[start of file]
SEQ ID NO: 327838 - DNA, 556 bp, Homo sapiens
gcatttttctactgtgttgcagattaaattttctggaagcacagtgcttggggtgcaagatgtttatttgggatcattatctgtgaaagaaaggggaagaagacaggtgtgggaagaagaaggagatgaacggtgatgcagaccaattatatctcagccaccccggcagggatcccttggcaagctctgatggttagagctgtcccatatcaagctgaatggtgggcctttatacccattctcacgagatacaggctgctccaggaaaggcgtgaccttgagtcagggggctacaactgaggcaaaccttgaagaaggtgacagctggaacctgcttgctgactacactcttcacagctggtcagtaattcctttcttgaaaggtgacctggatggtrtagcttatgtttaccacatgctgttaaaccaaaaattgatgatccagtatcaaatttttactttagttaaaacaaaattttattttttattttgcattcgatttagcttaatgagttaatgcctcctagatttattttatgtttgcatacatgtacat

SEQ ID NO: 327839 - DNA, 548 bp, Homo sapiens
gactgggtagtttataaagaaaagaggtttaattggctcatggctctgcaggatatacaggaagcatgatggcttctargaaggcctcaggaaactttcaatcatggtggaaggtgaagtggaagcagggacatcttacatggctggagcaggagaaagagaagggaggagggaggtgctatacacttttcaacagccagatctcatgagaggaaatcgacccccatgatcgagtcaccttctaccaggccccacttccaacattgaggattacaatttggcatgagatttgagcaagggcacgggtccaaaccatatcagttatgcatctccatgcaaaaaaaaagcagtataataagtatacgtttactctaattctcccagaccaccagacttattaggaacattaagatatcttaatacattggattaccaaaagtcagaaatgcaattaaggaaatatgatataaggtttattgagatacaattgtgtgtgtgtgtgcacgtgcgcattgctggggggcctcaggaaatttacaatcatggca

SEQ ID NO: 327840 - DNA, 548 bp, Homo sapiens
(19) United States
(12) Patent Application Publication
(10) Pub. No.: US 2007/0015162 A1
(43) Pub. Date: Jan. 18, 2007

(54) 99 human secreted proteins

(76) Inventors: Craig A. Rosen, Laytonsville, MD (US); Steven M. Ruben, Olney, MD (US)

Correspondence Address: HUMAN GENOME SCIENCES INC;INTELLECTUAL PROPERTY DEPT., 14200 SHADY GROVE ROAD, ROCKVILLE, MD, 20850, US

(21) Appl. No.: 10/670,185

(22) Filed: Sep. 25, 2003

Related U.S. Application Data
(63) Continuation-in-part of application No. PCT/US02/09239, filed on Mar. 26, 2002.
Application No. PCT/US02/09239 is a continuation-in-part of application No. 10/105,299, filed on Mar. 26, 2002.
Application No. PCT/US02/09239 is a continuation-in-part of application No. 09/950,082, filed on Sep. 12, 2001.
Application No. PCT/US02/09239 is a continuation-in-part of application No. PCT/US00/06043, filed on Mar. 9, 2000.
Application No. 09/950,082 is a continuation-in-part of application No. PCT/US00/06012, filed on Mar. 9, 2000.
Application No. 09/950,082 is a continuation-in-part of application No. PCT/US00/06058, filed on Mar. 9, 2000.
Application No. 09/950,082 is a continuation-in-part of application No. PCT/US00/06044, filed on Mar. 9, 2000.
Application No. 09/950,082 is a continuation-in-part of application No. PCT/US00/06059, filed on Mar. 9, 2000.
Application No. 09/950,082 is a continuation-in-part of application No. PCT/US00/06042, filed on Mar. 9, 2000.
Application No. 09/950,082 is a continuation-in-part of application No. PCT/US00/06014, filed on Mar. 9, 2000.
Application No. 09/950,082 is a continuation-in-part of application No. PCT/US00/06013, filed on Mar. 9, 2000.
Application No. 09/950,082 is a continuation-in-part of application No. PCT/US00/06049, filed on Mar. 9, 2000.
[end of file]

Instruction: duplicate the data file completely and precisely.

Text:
SEQ ID NO: 327838 - DNA, 556 bp, Homo sapiens
gcatttttctactgtgttgcagattaaattttctggaagcacagtgcttggggtgcaagatgtttatttgggatcattatctgtgaaagaaaggggaagaagacaggtgtgggaagaagaaggagatgaacggtgatgcagaccaattatatctcagccaccccggcagggatcccttggcaagctctgatggttagagctgtcccatatcaagctgaatggtgggcctttatacccattctcacgagatacaggctgctccaggaaaggcgtgaccttgagtcagggggctacaactgaggcaaaccttgaagaaggtgacagctggaacctgcttgctgactacactcttcacagctggtcagtaattcctttcttgaaaggtgacctggatggtrtagcttatgtttaccacatgctgttaaaccaaaaattgatgatccagtatcaaatttttactttagttaaaacaaaattttattttttattttgcattcgatttagcttaatgagttaatgcctcctagatttattttatgtttgcatacatgtacat

SEQ ID NO: 327839 - DNA, 548 bp, Homo sapiens
gactgggtagtttataaagaaaagaggtttaattggctcatggctctgcaggatatacaggaagcatgatggcttctargaaggcctcaggaaactttcaatcatggtggaaggtgaagtggaagcagggacatcttacatggctggagcaggagaaagagaagggaggagggaggtgctatacacttttcaacagccagatctcatgagaggaaatcgacccccatgatcgagtcaccttctaccaggccccacttccaacattgaggattacaatttggcatgagatttgagcaagggcacgggtccaaaccatatcagttatgcatctccatgcaaaaaaaaagcagtataataagtatacgtttactctaattctcccagaccaccagacttattaggaacattaagatatcttaatacattggattaccaaaagtcagaaatgcaattaaggaaatatgatataaggtttattgagatacaattgtgtgtgtgtgtgcacgtgcgcattgctggggggcctcaggaaatttacaatcatggca

SEQ ID NO: 327840 - DNA, 548 bp, Homo sapiens
(19) United States
(12) Patent Application Publication
(10) Pub. No.: US 2007/0015162 A1
(43) Pub. Date: Jan. 18, 2007

(54) 99 human secreted proteins

(76) Inventors: Craig A. Rosen, Laytonsville, MD (US); Steven M. Ruben, Olney, MD (US)

Correspondence Address: HUMAN GENOME SCIENCES INC;INTELLECTUAL PROPERTY DEPT., 14200 SHADY GROVE ROAD, ROCKVILLE, MD, 20850, US

(21) Appl. No.: 10/670,185

(22) Filed: Sep. 25, 2003

Related U.S. Application Data
(63) Continuation-in-part of application No. PCT/US02/09239, filed on Mar. 26, 2002.
Application No. PCT/US02/09239 is a continuation-in-part of application No. 10/105,299, filed on Mar. 26, 2002.
Application No. PCT/US02/09239 is a continuation-in-part of application No. 09/950,082, filed on Sep. 12, 2001.
Application No. PCT/US02/09239 is a continuation-in-part of application No. PCT/US00/06043, filed on Mar. 9, 2000.
Application No. 09/950,082 is a continuation-in-part of application No. PCT/US00/06012, filed on Mar. 9, 2000.
Application No. 09/950,082 is a continuation-in-part of application No. PCT/US00/06058, filed on Mar. 9, 2000.
Application No. 09/950,082 is a continuation-in-part of application No. PCT/US00/06044, filed on Mar. 9, 2000.
Application No. 09/950,082 is a continuation-in-part of application No. PCT/US00/06059, filed on Mar. 9, 2000.
Application No. 09/950,082 is a continuation-in-part of application No. PCT/US00/06042, filed on Mar. 9, 2000.
Application No. 09/950,082 is a continuation-in-part of application No. PCT/US00/06014, filed on Mar. 9, 2000.
Application No. 09/950,082 is a continuation-in-part of application No. PCT/US00/06013, filed on Mar. 9, 2000.
Application No. 09/950,082 is a continuation-in-part of application No. PCT/US00/06049, filed on Mar. 9, 2000.